Photo courtesy Phil Johnson
Square dance music wafts in from next door, as 16 gentlemen in their 60s, 70s and 80s gather for the Tuesday meeting of the Men’s Shed in the Hopkins Activity Center — located just west of Minneapolis, Minnesota.
“Hey, everyone, I brought my friend Stan,” announces a guy dressed in a flannel shirt, like half of the men in the room.
“Guys say they’re going to the shed to do some work to help the local community. But they are also doing it for themselves. Men like things they can do together while they talk. As we say, women socialize face-to-face and men do it shoulder-to-shoulder.”
— David Helmers, executive officer, Australian Men's Shed Association
“Don’t worry Stan,” someone pipes up. “We won’t start razzing you until you’ve been here a few times.”
“Who’s going out on Saturday to distribute the bikes we fixed up for kids?” asks another guy. “There’s no sense all of us driving alone.”
Many if not most retired men don’t want to square dance, do yoga or participate in many of the other activities common to senior centers. But they do want to get out of the house. Although not literally a shed, Men’s Sheds serve as a place for hanging out.
“This is like Boy Scouts for men, except you don’t have to earn merit badges,” says Phil Johnson, cofounder of the Hopkins Center shed.
Or maybe it’s more like shop class. “The smell of turpentine or linseed oil is like aromatherapy for these guys,” observes health educator Peggy Gaard, who was at the Hopkins gathering to give a presentation on how symptoms of dementia differ from the typical signs of aging. (Sheds also provide an audience for health education and outreach efforts that are targeted to older men.)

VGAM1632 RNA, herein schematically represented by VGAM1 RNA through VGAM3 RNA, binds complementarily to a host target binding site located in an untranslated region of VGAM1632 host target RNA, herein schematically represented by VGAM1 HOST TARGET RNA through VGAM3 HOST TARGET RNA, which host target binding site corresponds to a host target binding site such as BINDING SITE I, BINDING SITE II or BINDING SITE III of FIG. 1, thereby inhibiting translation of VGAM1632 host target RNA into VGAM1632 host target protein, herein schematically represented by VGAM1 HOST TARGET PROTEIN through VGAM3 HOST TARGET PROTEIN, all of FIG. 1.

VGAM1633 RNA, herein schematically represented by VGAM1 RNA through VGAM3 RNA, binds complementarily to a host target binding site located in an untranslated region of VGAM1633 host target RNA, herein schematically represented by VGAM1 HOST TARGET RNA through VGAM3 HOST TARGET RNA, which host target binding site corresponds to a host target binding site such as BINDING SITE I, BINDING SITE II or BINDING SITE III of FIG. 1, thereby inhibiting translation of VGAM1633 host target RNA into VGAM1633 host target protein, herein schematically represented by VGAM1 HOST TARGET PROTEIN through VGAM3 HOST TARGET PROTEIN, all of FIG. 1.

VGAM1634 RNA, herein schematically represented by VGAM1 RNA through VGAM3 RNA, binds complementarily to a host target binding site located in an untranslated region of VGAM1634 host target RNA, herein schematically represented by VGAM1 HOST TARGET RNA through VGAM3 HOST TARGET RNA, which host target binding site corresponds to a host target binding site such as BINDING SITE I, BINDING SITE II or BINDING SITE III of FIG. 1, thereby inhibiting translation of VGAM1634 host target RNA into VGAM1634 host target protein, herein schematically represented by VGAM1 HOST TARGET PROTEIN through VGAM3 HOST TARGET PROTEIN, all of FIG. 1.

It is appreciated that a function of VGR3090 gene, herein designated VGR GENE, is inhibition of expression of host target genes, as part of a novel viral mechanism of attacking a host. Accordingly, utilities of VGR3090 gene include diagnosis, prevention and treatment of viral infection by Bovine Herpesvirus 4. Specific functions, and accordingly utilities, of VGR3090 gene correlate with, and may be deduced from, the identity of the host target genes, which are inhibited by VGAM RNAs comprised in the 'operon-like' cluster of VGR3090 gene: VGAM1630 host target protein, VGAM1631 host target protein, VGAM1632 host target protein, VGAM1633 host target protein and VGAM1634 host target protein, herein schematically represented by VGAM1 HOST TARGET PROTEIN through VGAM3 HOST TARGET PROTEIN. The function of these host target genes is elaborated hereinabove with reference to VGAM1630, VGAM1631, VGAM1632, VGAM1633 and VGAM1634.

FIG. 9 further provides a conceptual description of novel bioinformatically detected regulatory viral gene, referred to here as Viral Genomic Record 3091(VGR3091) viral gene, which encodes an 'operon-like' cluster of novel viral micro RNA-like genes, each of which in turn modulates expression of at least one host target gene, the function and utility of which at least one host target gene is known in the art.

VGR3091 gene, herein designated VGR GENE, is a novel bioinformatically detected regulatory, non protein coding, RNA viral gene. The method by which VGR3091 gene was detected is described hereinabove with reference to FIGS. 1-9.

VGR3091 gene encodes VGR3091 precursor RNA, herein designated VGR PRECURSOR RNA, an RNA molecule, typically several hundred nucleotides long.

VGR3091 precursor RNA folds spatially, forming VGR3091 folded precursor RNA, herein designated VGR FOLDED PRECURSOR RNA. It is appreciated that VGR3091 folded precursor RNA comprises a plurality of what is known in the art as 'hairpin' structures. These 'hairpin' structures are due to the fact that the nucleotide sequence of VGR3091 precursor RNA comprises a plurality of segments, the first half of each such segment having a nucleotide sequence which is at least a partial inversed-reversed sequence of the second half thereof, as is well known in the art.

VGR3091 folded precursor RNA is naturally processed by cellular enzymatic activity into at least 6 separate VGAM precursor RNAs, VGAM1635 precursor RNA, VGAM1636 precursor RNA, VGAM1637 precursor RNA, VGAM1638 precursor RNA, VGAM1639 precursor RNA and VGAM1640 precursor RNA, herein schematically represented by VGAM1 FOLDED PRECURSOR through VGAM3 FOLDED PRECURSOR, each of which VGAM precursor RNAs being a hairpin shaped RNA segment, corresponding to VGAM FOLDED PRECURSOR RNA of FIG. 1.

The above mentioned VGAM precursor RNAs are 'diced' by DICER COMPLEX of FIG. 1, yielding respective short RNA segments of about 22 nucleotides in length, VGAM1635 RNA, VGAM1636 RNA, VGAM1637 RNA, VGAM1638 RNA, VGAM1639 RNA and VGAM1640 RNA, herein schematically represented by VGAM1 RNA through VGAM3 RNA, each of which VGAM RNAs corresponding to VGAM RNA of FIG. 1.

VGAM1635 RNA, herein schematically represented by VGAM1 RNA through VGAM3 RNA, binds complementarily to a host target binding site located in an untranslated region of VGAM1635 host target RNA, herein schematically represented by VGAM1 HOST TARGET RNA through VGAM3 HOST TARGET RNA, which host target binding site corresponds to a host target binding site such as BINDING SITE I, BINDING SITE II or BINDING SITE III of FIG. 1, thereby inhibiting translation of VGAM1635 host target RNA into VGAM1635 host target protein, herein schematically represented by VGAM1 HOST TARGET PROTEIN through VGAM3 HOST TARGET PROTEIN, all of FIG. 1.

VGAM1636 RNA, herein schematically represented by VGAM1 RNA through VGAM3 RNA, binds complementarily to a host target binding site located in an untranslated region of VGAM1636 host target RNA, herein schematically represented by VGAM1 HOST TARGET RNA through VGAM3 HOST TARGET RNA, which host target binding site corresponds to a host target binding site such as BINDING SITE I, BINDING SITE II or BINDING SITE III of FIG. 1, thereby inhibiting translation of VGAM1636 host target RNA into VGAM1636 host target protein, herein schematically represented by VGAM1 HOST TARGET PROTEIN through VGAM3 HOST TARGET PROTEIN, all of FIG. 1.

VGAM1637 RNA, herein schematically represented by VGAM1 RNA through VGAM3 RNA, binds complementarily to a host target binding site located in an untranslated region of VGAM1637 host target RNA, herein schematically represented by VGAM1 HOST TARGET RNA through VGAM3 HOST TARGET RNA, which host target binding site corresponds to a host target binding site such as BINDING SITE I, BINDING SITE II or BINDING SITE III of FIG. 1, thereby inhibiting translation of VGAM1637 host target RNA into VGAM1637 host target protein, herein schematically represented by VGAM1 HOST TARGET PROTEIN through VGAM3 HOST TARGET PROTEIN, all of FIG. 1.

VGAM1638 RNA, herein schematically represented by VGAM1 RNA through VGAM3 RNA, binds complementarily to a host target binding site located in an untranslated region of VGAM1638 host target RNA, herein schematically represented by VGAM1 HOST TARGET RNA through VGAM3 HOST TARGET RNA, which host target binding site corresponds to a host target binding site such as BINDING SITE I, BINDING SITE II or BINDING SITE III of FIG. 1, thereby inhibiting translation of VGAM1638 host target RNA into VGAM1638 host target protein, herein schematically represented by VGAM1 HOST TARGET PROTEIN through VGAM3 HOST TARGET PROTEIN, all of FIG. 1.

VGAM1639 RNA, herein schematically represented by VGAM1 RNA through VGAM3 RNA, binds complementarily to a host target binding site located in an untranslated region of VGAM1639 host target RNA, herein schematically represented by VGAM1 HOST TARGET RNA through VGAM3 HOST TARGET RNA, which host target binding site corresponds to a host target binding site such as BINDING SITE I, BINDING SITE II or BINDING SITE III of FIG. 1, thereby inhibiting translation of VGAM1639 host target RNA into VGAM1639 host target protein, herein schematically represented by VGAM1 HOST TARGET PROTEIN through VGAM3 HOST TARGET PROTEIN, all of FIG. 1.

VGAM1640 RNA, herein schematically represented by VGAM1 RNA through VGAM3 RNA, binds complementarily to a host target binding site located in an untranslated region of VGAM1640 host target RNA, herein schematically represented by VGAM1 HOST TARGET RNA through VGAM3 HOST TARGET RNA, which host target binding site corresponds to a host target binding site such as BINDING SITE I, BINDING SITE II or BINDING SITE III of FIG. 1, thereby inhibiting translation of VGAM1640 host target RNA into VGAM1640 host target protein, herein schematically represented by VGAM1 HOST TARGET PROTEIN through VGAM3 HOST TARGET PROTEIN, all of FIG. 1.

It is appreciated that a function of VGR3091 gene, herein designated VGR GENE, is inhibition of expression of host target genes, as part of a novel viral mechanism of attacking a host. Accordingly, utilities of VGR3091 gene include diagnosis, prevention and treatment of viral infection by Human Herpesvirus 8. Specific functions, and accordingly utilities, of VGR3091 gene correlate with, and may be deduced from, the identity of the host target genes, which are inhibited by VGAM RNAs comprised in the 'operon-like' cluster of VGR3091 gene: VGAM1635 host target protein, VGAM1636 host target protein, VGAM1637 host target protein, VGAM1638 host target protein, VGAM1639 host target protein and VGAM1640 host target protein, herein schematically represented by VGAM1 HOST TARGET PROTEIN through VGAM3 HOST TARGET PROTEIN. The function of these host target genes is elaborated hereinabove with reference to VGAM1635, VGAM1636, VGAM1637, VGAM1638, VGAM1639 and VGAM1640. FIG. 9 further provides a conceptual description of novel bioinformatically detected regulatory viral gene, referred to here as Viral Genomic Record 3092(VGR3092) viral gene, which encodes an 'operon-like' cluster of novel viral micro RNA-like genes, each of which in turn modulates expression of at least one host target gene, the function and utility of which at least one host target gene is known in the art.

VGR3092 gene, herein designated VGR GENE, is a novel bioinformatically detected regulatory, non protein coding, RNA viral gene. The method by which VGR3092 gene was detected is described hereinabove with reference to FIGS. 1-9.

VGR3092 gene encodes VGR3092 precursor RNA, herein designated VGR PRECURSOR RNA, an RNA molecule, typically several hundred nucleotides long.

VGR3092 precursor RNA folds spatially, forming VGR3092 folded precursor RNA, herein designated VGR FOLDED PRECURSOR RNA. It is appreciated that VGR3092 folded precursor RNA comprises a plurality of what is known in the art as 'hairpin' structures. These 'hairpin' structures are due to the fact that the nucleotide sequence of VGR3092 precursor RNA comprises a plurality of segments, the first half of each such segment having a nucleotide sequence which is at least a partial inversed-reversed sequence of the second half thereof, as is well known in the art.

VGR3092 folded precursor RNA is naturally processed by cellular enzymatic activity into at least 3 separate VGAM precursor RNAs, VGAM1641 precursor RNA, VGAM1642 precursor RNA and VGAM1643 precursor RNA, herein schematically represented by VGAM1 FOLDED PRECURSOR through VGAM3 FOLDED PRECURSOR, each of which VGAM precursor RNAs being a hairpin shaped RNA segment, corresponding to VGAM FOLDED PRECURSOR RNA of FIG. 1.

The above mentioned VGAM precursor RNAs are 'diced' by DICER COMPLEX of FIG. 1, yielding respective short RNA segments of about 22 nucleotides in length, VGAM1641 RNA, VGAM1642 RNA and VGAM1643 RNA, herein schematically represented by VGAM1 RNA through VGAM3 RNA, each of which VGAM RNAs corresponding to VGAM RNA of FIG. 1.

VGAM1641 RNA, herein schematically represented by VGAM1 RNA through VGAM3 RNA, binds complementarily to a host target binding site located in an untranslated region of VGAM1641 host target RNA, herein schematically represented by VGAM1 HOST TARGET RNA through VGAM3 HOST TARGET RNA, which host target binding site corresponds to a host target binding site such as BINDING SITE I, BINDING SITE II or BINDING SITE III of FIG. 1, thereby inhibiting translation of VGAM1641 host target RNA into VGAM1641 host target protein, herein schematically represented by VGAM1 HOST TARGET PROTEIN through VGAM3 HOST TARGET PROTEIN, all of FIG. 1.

Sheds Come From the Land Down Under
“Retired blokes can’t wait to go into the shed and make sawdust,” declares David Helmers, executive officer of the Australian Men’s Shed Association. The Men's Shed as a productive place for older men was born in Australia in the 1990s.
Two decades later, there are about 1,000 sheds across Australia, roughly 450 in Ireland, 300 in the United Kingdom, 100 in New Zealand and 20 in Canada. Men’s Sheds are newly taking root in the United States. The Hopkins shed was among the first in the U.S. when it debuted in 2017. At the start of 2019, the number had grown to more than a dozen in eight states.
“Guys say they're going to the shed to help the community,” Helmers explains. “But they're also going for themselves.”
Photo by Howard Wolff
From Pilot to Shed Builder
Phil Johnson was 67 when he created the Hopkins Activity Center Men's Shed, which he did to make sure he didn’t spend his retirement sitting on the couch.